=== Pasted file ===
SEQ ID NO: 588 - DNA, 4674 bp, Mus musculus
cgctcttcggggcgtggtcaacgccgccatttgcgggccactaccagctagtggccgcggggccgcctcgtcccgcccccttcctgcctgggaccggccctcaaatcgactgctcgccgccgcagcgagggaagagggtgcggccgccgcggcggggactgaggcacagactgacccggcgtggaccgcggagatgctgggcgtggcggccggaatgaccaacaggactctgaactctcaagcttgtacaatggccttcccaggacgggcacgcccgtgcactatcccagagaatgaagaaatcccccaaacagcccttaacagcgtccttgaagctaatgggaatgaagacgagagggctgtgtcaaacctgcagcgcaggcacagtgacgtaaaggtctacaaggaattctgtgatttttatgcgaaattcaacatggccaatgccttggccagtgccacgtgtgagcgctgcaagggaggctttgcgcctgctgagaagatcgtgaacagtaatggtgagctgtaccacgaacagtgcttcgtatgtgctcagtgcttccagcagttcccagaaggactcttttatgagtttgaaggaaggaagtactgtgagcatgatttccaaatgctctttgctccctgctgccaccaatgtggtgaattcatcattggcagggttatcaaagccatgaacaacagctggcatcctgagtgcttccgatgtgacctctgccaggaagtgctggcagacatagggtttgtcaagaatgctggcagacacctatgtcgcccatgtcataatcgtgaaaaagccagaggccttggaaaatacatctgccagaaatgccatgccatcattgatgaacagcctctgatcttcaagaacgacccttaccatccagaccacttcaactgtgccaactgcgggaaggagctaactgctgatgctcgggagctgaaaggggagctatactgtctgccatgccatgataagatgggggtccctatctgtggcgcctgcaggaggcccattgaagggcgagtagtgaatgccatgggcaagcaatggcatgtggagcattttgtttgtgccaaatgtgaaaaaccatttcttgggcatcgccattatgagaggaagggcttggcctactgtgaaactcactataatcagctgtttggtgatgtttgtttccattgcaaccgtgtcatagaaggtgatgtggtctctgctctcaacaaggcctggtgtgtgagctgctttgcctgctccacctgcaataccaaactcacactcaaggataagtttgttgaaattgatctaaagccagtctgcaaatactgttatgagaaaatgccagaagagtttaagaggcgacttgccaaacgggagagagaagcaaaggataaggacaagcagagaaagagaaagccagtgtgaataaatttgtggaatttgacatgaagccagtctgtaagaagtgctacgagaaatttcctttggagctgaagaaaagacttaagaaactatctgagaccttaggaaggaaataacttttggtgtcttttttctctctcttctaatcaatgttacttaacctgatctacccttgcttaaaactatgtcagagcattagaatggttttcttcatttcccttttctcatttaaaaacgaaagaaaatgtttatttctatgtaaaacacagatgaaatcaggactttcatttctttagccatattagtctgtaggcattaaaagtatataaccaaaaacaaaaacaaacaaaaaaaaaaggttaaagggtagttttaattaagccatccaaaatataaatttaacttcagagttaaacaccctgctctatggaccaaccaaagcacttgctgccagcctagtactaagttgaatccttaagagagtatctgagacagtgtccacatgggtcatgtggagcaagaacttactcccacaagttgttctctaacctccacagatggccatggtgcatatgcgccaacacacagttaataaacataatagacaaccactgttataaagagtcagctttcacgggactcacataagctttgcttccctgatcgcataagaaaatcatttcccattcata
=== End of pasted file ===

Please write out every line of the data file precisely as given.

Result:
SEQ ID NO: 588 - DNA, 4674 bp, Mus musculus
cgctcttcggggcgtggtcaacgccgccatttgcgggccactaccagctagtggccgcggggccgcctcgtcccgcccccttcctgcctgggaccggccctcaaatcgactgctcgccgccgcagcgagggaagagggtgcggccgccgcggcggggactgaggcacagactgacccggcgtggaccgcggagatgctgggcgtggcggccggaatgaccaacaggactctgaactctcaagcttgtacaatggccttcccaggacgggcacgcccgtgcactatcccagagaatgaagaaatcccccaaacagcccttaacagcgtccttgaagctaatgggaatgaagacgagagggctgtgtcaaacctgcagcgcaggcacagtgacgtaaaggtctacaaggaattctgtgatttttatgcgaaattcaacatggccaatgccttggccagtgccacgtgtgagcgctgcaagggaggctttgcgcctgctgagaagatcgtgaacagtaatggtgagctgtaccacgaacagtgcttcgtatgtgctcagtgcttccagcagttcccagaaggactcttttatgagtttgaaggaaggaagtactgtgagcatgatttccaaatgctctttgctccctgctgccaccaatgtggtgaattcatcattggcagggttatcaaagccatgaacaacagctggcatcctgagtgcttccgatgtgacctctgccaggaagtgctggcagacatagggtttgtcaagaatgctggcagacacctatgtcgcccatgtcataatcgtgaaaaagccagaggccttggaaaatacatctgccagaaatgccatgccatcattgatgaacagcctctgatcttcaagaacgacccttaccatccagaccacttcaactgtgccaactgcgggaaggagctaactgctgatgctcgggagctgaaaggggagctatactgtctgccatgccatgataagatgggggtccctatctgtggcgcctgcaggaggcccattgaagggcgagtagtgaatgccatgggcaagcaatggcatgtggagcattttgtttgtgccaaatgtgaaaaaccatttcttgggcatcgccattatgagaggaagggcttggcctactgtgaaactcactataatcagctgtttggtgatgtttgtttccattgcaaccgtgtcatagaaggtgatgtggtctctgctctcaacaaggcctggtgtgtgagctgctttgcctgctccacctgcaataccaaactcacactcaaggataagtttgttgaaattgatctaaagccagtctgcaaatactgttatgagaaaatgccagaagagtttaagaggcgacttgccaaacgggagagagaagcaaaggataaggacaagcagagaaagagaaagccagtgtgaataaatttgtggaatttgacatgaagccagtctgtaagaagtgctacgagaaatttcctttggagctgaagaaaagacttaagaaactatctgagaccttaggaaggaaataacttttggtgtcttttttctctctcttctaatcaatgttacttaacctgatctacccttgcttaaaactatgtcagagcattagaatggttttcttcatttcccttttctcatttaaaaacgaaagaaaatgtttatttctatgtaaaacacagatgaaatcaggactttcatttctttagccatattagtctgtaggcattaaaagtatataaccaaaaacaaaaacaaacaaaaaaaaaaggttaaagggtagttttaattaagccatccaaaatataaatttaacttcagagttaaacaccctgctctatggaccaaccaaagcacttgctgccagcctagtactaagttgaatccttaagagagtatctgagacagtgtccacatgggtcatgtggagcaagaacttactcccacaagttgttctctaacctccacagatggccatggtgcatatgcgccaacacacagttaataaacataatagacaaccactgttataaagagtcagctttcacgggactcacataagctttgcttccctgatcgcataagaaaatcatttcccattcata